Page 275 - Gay Pioneers: How Drummer Shaped Gay Popular Culture 1965-1999
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Jack Fritscher              Chapter 10                       257

                was an incredible expression of free speech and that is why the
                LAPD practically tar-and-feathered John Embry to get him to flee
                LA for San Francisco. Love, George

                The Drummer curse, from the 1970s through the 1990s, devastated
             those who owned it or claimed they owned it. Even though Embry had sold
             Drummer in 1986, he suffered seller’s remorse. When the young Midwestern
             blond Robert Davolt showed up in San Francisco to work as proxy for the
             Dutchman Martijn Bakker who had bought  Drummer  from DeBlase,
             Embry astutely judged that he could manipulate Davolt in San Francisco
             against the absentee Bakker in Amsterdam to his own advantage. Portraying
             himself as Drummer Incarnate, Embry cosied up to the ambitious Davolt
             and turned him into a double-agent who could work for the faraway Dutch
             owner while feeding Embry private business information which included
             handing over to Embry whatever manuscripts, art, and photographs were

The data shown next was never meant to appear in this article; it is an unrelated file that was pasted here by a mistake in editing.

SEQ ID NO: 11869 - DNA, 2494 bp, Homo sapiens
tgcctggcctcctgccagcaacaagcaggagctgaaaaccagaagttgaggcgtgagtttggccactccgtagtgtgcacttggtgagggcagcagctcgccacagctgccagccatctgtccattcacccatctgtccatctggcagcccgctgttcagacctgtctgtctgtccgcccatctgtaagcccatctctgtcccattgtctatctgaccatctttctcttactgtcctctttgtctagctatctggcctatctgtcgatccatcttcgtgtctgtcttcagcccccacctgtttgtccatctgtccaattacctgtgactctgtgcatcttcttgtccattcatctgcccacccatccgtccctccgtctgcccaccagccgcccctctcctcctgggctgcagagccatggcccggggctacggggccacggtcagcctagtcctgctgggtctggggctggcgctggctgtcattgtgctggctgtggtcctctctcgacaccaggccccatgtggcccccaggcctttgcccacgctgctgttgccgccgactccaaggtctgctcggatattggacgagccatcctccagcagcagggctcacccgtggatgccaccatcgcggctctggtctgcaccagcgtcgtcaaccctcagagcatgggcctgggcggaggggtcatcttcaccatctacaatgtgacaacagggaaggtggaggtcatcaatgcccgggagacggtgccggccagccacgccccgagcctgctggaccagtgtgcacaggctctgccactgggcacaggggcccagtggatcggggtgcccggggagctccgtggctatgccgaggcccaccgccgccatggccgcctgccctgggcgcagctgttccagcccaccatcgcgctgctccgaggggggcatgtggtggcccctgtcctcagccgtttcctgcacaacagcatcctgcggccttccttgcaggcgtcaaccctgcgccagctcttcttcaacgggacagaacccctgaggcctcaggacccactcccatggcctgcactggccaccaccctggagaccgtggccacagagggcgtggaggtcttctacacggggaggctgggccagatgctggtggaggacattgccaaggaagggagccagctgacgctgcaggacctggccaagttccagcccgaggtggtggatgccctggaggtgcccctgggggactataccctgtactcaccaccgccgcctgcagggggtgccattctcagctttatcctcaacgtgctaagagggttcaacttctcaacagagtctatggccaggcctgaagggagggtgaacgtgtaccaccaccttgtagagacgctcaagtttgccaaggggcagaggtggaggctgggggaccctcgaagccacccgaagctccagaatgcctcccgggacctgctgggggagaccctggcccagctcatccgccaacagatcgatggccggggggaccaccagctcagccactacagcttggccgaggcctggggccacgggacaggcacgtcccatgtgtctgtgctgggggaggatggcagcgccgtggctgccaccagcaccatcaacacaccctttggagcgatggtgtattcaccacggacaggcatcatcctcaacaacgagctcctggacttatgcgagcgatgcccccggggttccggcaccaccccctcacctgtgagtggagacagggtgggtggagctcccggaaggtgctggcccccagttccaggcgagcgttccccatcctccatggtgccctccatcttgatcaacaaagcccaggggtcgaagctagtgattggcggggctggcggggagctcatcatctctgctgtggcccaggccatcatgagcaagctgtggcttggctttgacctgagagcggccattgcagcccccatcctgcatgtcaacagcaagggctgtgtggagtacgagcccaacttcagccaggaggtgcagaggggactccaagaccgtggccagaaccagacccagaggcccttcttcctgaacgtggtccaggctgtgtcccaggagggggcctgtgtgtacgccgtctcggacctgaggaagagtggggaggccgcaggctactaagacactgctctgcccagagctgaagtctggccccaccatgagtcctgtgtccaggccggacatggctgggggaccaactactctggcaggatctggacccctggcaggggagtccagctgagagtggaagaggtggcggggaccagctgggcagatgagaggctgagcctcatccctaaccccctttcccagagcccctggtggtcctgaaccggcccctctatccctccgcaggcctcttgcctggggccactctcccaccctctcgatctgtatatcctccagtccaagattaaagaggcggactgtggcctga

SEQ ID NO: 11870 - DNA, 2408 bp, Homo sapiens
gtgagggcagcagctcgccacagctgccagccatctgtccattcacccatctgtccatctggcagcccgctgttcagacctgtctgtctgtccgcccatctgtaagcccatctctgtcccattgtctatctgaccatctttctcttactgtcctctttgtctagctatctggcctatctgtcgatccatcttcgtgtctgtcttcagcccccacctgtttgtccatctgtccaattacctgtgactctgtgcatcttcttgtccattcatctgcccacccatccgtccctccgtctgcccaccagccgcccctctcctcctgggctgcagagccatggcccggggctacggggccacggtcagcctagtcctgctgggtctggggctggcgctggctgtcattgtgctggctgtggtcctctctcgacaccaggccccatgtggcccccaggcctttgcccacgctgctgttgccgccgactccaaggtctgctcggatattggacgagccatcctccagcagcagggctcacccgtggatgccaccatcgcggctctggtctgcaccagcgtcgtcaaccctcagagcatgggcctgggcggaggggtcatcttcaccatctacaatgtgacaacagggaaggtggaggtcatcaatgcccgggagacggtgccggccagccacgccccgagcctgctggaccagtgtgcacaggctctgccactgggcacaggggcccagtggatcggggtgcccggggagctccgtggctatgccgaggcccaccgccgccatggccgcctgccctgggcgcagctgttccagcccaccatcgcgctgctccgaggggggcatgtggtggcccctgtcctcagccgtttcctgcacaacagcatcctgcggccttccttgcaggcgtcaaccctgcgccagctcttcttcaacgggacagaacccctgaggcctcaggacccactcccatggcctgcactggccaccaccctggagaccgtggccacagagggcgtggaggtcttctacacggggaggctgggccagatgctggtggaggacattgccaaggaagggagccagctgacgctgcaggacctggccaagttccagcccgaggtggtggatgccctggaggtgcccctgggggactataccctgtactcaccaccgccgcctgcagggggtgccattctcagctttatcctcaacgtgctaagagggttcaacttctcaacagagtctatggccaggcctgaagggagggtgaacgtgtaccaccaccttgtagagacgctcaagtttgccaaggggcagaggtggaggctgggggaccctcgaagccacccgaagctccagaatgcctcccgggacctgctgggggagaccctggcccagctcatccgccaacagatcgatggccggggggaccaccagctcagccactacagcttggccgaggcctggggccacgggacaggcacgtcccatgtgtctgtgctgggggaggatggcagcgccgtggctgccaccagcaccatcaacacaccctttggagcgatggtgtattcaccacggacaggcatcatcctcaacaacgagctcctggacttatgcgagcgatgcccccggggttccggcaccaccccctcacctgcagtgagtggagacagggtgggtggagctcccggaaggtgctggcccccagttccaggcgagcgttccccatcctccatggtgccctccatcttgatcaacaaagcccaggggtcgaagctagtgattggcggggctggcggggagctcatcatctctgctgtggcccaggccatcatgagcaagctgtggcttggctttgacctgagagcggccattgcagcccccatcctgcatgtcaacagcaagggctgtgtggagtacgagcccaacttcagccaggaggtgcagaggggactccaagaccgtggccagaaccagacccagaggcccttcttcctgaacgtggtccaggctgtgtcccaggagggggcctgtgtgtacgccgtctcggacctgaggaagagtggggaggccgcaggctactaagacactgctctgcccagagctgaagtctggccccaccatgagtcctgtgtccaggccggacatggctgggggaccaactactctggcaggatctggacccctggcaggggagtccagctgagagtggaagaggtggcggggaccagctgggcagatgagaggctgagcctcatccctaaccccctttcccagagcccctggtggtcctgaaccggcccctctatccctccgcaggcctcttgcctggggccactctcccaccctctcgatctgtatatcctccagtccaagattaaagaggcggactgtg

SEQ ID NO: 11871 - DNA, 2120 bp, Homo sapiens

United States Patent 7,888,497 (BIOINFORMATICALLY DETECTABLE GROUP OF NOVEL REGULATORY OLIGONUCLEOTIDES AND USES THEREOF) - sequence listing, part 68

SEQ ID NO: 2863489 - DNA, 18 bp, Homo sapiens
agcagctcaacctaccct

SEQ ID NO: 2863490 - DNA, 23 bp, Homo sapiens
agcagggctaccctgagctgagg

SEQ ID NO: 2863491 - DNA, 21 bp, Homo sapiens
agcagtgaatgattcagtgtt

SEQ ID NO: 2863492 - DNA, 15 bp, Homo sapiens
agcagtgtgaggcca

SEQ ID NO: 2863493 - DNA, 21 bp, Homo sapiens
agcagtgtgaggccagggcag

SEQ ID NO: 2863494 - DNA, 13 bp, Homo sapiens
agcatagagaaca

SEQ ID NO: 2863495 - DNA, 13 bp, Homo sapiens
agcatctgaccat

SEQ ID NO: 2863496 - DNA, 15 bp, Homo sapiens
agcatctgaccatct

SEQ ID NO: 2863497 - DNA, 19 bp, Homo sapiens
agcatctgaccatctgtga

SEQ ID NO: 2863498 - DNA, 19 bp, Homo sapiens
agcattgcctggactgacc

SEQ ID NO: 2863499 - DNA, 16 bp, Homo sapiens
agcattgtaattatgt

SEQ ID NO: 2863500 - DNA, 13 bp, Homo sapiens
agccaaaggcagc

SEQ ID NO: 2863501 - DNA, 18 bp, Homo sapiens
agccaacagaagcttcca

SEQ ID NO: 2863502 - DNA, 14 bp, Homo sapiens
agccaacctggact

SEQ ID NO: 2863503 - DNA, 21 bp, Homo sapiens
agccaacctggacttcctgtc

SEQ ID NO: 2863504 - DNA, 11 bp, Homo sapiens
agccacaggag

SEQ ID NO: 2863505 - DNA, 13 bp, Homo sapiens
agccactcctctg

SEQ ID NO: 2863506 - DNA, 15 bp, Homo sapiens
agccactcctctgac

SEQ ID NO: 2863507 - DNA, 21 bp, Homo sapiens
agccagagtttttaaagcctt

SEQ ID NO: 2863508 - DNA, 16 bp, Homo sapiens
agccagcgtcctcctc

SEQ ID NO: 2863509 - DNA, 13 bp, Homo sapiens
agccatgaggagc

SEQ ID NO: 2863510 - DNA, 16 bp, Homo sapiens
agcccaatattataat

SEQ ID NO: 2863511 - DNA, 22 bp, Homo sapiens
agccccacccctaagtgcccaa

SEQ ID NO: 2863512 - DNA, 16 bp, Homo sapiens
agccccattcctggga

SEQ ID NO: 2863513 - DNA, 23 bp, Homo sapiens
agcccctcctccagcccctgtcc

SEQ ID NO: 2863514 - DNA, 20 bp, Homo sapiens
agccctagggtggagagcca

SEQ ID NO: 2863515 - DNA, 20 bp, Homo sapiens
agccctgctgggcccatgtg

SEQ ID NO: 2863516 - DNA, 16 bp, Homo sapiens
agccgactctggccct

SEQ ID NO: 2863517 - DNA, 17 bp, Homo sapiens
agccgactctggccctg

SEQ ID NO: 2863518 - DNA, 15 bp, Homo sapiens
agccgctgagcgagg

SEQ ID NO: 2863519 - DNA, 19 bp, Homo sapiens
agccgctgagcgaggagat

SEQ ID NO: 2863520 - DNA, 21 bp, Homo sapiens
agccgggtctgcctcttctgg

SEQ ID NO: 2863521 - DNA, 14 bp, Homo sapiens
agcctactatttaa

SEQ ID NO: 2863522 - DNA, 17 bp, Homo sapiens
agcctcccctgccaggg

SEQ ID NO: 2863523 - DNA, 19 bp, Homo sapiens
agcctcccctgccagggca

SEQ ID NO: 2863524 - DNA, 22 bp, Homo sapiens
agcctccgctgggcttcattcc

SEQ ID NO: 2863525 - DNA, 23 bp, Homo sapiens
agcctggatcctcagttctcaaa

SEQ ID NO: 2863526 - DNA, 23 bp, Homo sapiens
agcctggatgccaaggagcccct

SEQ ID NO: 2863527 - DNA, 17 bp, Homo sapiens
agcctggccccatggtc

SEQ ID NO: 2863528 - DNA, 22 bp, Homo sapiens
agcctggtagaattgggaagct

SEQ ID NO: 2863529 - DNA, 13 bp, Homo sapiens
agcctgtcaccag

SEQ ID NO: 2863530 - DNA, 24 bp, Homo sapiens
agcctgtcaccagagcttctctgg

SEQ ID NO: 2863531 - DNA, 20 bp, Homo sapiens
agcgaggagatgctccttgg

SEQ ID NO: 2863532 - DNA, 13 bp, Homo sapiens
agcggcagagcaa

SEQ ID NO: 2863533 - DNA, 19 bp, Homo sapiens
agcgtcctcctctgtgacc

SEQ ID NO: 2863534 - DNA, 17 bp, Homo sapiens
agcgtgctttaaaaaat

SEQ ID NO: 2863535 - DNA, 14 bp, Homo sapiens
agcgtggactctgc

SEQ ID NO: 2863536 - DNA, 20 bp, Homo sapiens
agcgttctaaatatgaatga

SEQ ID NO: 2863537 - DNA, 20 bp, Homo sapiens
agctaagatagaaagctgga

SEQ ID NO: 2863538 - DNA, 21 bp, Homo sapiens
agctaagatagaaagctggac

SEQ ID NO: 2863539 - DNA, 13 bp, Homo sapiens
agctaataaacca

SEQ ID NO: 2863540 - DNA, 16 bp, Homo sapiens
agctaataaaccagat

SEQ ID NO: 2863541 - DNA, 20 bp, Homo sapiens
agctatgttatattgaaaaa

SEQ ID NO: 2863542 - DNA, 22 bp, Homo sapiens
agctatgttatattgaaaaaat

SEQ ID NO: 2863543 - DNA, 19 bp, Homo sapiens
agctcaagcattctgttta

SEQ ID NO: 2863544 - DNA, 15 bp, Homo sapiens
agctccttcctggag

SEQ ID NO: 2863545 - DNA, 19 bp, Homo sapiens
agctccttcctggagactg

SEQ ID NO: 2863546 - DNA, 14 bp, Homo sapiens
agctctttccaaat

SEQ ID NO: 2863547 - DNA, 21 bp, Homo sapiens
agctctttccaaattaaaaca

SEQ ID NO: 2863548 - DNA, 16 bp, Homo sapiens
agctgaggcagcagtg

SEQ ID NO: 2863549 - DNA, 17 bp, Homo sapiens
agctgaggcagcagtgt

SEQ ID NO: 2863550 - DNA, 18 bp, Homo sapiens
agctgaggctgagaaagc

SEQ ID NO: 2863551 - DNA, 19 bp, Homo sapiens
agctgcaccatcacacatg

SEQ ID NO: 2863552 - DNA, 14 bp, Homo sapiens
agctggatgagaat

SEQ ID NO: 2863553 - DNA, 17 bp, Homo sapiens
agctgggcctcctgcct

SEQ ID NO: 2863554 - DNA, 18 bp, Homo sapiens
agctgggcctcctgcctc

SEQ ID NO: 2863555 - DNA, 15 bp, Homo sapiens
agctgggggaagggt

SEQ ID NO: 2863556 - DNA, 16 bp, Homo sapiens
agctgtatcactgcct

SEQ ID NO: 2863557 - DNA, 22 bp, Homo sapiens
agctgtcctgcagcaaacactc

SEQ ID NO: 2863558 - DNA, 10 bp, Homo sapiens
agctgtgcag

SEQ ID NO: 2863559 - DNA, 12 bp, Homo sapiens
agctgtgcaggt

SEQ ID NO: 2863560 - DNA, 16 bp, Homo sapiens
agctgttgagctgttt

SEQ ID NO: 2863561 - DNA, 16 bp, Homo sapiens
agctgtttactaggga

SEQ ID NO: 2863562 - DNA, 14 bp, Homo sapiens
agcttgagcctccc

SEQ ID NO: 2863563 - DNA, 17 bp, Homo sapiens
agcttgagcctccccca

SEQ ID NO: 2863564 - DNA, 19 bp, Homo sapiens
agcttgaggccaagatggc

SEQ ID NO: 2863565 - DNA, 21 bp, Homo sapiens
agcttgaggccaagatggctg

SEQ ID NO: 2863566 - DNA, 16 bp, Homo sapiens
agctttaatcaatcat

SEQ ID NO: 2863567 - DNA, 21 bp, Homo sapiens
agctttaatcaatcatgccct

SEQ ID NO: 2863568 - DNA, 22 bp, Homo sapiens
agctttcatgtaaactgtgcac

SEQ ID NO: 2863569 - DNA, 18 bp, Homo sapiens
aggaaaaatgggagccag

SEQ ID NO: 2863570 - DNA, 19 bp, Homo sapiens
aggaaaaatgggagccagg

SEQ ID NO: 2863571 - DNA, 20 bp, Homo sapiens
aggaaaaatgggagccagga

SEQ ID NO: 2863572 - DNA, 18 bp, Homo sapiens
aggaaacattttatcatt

stored in Drummer’s treasure-chest of neglected filing cabinets. Proof of
             collusion lay in the fact that the minute the well-rehearsed Davolt was fired
             by Bakker, Embry hired him to edit his Super MR magazine.
                Embry was desperate to create a new “Franken-Drummer”magazine by
             reanimating Drummer. Damn the rights, he wanted whatever backlog of
             material that Davolt smuggled out from Drummer to help fill his Super MR.
             Because I was not one of the dead Drummer contributors whose grave he
             could rob, he came directly to me, which pained him dearly, to ask permis-
             sion to publish in Super MR fiction and features that twenty-five years before
             I had written for Drummer. He was intent on returning to our mutual roots.
             So I consented to his republishing my original 1977 through 1979 writing
             because I think supporting gay publishing and history is more important
             than anyone’s grudge against anyone. Embry knew I was faithful to the
             pure idea of Drummer, but more, he knew that after nearly thirty years I,
             with Jeanne Barney, was one of only a few survivors of early Drummer, and
             the only founding author who would have anything to do with him. I’m
             sure his rosacea face broke into red bloom when, a survivor himself, he had
             to acknowledge that I was the last living of his original Drummer writer-
             photographers as well as his editor-in-chief who had, during his cancer,
             steered the concept of Drummer to its first national fame. In his “Getting
             Off” editorial in Drummer 83 (March 1985), he had sniped like a dumped
             lover about our then eight-year-long relationship with spinning animosity:

                We had an editor [Fritscher] some years back who still refers to
                the time he spent with us as “The Golden Age of Drummer.” We

               ©Jack Fritscher, Ph.D., All Rights Reserved—posted 03-16-2017
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